Simply put, more stuff can lead to less happiness.
3. Minimalism Combats Loneliness
Despite what Marilyn Monroe has said, diamonds aren’t always a girl’s best friend.
According to a 2013 study, valuing possessions as markers for happiness and success increase feelings of loneliness.
While some time alone is essential, loneliness is something else entirely. If you shift your values from purchases to self-development, creativity, and other affirming endeavors, you’re less likely to perpetuate the isolating cycle of materialism.
4. Minimalism Declutters Your Mind
If you have trouble focusing, there’s a good chance that your stuff could be to blame. Physical accumulation can lead to clutter, the latter of which is linked to procrastination and stress.
Further, nearly all participants in a 2020 study investigating the psychological benefits of minimalism believed that a “cluttered, chaotic home was the cause and result of a cluttered, chaotic mind,” and vice versa.
Essentially, the state of your internal and external worlds often mirror each other. Overstimulation or excess in one area can trickle to the other. After all, this fact is a major reason why the minimalist trend is so popular right now.
Once you practice stress management and pare down any triggers (perhaps a messy space among them), greater ease should follow.
5. Minimalism Leads to Awareness
In short, one of the most worthy benefits of minimalism is that it allows you to focus on what matters.
Minimalist living entails being present. It permits you to be conscious of your values and the world around you, both of which get skewed in the quest for material goods, the unreality of social media, and other distractions that can rob the simple joys of life from us.
Once you consider living a minimalist lifestyle, it’ll force you to get introspective. Along the way, you can discover what your actual needs, dreams, and goals really are.
How to Start Living a Minimalist Lifestyle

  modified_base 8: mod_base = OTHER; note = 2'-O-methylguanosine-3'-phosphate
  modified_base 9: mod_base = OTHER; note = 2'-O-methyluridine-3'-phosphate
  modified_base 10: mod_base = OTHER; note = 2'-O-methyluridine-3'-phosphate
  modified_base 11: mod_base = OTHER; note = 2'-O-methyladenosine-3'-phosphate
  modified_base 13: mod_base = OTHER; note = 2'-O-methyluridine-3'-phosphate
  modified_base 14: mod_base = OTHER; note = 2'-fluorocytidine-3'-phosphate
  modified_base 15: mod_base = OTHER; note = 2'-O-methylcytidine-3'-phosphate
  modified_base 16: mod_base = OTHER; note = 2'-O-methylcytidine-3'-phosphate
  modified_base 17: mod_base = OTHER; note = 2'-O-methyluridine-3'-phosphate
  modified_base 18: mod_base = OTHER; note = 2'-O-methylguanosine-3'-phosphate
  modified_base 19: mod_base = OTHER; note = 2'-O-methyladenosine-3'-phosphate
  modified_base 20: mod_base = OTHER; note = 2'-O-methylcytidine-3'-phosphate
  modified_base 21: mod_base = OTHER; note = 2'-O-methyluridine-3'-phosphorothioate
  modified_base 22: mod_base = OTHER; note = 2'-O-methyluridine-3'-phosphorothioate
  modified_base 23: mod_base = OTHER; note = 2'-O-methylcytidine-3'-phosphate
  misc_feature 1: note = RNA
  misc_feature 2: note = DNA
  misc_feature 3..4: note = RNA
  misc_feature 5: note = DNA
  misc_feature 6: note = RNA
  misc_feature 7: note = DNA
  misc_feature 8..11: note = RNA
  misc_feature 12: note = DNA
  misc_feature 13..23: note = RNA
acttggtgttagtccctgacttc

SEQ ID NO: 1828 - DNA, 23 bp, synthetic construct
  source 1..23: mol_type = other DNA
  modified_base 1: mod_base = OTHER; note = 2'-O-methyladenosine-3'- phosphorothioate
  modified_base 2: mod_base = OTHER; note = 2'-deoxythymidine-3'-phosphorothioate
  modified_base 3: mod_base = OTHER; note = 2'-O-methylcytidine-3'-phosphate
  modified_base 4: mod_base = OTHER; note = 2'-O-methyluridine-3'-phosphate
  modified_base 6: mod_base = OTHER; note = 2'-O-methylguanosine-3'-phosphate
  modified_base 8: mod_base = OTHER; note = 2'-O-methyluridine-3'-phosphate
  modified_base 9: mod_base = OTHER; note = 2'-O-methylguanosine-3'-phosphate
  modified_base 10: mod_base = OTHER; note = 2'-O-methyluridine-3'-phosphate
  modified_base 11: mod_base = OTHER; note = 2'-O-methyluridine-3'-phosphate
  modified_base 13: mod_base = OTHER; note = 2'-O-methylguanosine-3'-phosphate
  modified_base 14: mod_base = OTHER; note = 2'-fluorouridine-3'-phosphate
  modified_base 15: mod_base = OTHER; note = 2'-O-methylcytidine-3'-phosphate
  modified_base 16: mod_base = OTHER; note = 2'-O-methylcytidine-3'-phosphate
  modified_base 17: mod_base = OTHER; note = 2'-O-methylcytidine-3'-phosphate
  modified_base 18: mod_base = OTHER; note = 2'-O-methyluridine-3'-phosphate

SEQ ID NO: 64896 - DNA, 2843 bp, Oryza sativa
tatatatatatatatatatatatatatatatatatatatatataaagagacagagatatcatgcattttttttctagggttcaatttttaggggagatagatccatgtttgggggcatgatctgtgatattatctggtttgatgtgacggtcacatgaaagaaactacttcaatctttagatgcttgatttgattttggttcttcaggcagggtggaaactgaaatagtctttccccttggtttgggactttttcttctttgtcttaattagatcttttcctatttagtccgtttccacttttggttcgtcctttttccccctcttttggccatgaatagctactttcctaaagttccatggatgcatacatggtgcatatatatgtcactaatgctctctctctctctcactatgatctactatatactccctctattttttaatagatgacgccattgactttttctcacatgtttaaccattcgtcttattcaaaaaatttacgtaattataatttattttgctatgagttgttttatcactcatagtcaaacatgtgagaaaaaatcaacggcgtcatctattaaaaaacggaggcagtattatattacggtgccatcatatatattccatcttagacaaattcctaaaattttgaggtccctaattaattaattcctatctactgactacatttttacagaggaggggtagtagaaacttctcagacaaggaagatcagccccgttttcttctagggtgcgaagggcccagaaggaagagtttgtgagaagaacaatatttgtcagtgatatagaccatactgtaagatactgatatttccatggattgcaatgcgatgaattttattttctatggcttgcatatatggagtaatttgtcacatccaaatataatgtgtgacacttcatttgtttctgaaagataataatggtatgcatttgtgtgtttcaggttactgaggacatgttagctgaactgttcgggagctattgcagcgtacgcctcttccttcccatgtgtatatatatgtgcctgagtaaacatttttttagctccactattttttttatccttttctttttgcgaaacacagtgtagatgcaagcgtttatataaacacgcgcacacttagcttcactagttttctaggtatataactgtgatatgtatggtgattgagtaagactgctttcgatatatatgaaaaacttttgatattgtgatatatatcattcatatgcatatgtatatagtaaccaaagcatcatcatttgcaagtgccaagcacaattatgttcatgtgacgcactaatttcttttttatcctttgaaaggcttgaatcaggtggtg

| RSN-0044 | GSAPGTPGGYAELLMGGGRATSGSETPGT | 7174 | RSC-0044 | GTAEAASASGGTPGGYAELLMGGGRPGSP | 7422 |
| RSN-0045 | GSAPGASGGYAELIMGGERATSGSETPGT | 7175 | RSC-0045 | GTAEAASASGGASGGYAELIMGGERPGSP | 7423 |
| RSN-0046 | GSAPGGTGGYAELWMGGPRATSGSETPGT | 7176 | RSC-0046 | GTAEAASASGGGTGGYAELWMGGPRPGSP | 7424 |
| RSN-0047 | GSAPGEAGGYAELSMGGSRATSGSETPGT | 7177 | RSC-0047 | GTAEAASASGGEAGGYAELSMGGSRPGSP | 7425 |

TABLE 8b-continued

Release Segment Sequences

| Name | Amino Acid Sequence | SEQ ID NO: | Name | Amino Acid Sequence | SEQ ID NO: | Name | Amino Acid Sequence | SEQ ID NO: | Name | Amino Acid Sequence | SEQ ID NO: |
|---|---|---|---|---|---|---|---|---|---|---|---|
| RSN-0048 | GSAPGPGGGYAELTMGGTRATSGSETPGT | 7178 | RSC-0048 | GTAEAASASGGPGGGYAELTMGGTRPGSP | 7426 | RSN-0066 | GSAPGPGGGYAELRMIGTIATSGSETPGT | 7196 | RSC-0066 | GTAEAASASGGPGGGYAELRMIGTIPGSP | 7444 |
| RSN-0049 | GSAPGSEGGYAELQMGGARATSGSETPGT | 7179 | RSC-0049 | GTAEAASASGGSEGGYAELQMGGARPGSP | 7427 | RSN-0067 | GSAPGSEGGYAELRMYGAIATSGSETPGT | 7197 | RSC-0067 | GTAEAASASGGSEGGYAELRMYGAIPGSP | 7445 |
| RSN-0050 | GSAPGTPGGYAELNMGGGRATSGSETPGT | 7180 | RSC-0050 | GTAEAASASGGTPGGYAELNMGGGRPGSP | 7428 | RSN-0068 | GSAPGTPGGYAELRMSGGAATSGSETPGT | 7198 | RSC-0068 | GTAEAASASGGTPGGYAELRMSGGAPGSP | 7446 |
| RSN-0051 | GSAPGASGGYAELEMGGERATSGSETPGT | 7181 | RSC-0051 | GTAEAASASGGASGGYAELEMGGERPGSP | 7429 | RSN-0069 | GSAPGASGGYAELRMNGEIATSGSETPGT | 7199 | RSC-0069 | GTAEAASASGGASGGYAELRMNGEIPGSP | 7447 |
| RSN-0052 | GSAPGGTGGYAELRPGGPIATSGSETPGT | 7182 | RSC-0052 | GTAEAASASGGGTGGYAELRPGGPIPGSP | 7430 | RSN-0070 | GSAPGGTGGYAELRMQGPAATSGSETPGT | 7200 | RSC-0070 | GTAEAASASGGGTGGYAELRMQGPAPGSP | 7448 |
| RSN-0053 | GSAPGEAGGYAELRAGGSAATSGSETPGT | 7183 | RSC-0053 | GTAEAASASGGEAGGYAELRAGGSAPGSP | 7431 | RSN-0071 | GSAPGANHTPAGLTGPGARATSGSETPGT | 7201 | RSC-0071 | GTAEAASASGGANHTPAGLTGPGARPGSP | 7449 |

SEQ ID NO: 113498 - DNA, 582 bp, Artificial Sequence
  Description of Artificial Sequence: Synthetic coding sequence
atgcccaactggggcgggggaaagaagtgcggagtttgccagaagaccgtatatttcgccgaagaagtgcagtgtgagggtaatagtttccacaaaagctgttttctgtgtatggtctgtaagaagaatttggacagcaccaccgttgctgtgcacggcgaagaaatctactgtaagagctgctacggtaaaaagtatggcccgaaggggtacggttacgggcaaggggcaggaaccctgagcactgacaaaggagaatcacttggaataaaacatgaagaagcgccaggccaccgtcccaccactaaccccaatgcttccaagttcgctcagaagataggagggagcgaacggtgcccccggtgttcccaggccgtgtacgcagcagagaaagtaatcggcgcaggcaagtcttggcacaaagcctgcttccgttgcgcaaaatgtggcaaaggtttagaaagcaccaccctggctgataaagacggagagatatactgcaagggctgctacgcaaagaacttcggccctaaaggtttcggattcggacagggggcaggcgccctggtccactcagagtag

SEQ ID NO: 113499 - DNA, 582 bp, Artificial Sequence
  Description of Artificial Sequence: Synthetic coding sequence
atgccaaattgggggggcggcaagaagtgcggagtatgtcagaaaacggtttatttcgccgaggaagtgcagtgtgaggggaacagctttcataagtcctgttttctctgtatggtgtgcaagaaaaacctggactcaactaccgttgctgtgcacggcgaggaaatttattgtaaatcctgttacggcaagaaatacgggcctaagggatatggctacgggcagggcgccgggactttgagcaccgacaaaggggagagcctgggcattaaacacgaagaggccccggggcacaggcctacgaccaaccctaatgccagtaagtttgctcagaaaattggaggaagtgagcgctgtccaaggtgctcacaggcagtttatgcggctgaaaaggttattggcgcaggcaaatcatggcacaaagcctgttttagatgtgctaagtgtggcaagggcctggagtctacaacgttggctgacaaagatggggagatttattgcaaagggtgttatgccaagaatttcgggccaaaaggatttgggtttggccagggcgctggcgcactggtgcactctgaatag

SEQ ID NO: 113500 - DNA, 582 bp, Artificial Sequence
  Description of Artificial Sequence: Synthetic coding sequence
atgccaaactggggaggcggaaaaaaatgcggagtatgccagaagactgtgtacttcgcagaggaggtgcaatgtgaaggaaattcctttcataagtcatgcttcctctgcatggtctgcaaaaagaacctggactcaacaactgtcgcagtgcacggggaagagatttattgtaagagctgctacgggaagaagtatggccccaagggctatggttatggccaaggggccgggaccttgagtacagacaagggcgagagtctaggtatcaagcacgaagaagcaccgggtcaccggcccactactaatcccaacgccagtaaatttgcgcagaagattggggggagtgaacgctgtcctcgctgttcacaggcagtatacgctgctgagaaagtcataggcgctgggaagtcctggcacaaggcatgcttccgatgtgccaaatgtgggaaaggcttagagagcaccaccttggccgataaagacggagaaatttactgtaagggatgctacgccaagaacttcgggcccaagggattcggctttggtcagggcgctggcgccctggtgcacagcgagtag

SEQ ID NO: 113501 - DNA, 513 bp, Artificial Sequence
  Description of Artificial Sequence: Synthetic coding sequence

Thankfully, there’s no strict method you need to follow when it comes to minimalist living. That said, there are handy ways to get the ball rolling.
Rather than just clearing out your home, Kyle suggests engaging with minimalism through books or art before getting to your possessions.
I recommend the following reads for inspiration to simplify and reclaim your life:
- The Longing for Less: Living with Minimalism by Kyle Chayka
- Digital Minimalism by Cal Newport
- Silence: In the Age of Noise and Walking: One Step at a Time by Erling Kagge
- Stillness Is the Key and The Daily Stoic by Ryan Holiday
Reflect + Revise
He also stresses the importance of knowing why you’re interested in minimalism in the first place. Ask yourself:
- Am I trying to fill a void with the things I buy or keep around?
- How does all this “stuff” actually make me feel?
- Are my “things” getting in the way of my true needs?
- What’s the best use of my time, money, and energy?
- How can I connect more with myself, my loved ones, and the present moment?
Be honest with yourself. Recognize toxic patterns and weaknesses, then replace them with productive takeaways, positive thoughts, and affirming actions.
From minimalism’s rich history, Kyle learned that the “idea of living with less [was] always appealing to humanity, but we never quite figure out how to adopt it long term, or resolve the paradox of wanting less or more.” Still, it’s clearly worth a try.
In essence, minimal living focuses on internal experience (ideas) versus external accumulation (items). And while ridding excesses in your closet and home can be potential stepping stones along the way, it can only get you so far.
To reiterate, living a minimalist lifestyle goes beyond the mere absence of possessions. To reap the psychological benefits of minimalism, simplify, stay present, and enrich your life with intrinsic value of your own making.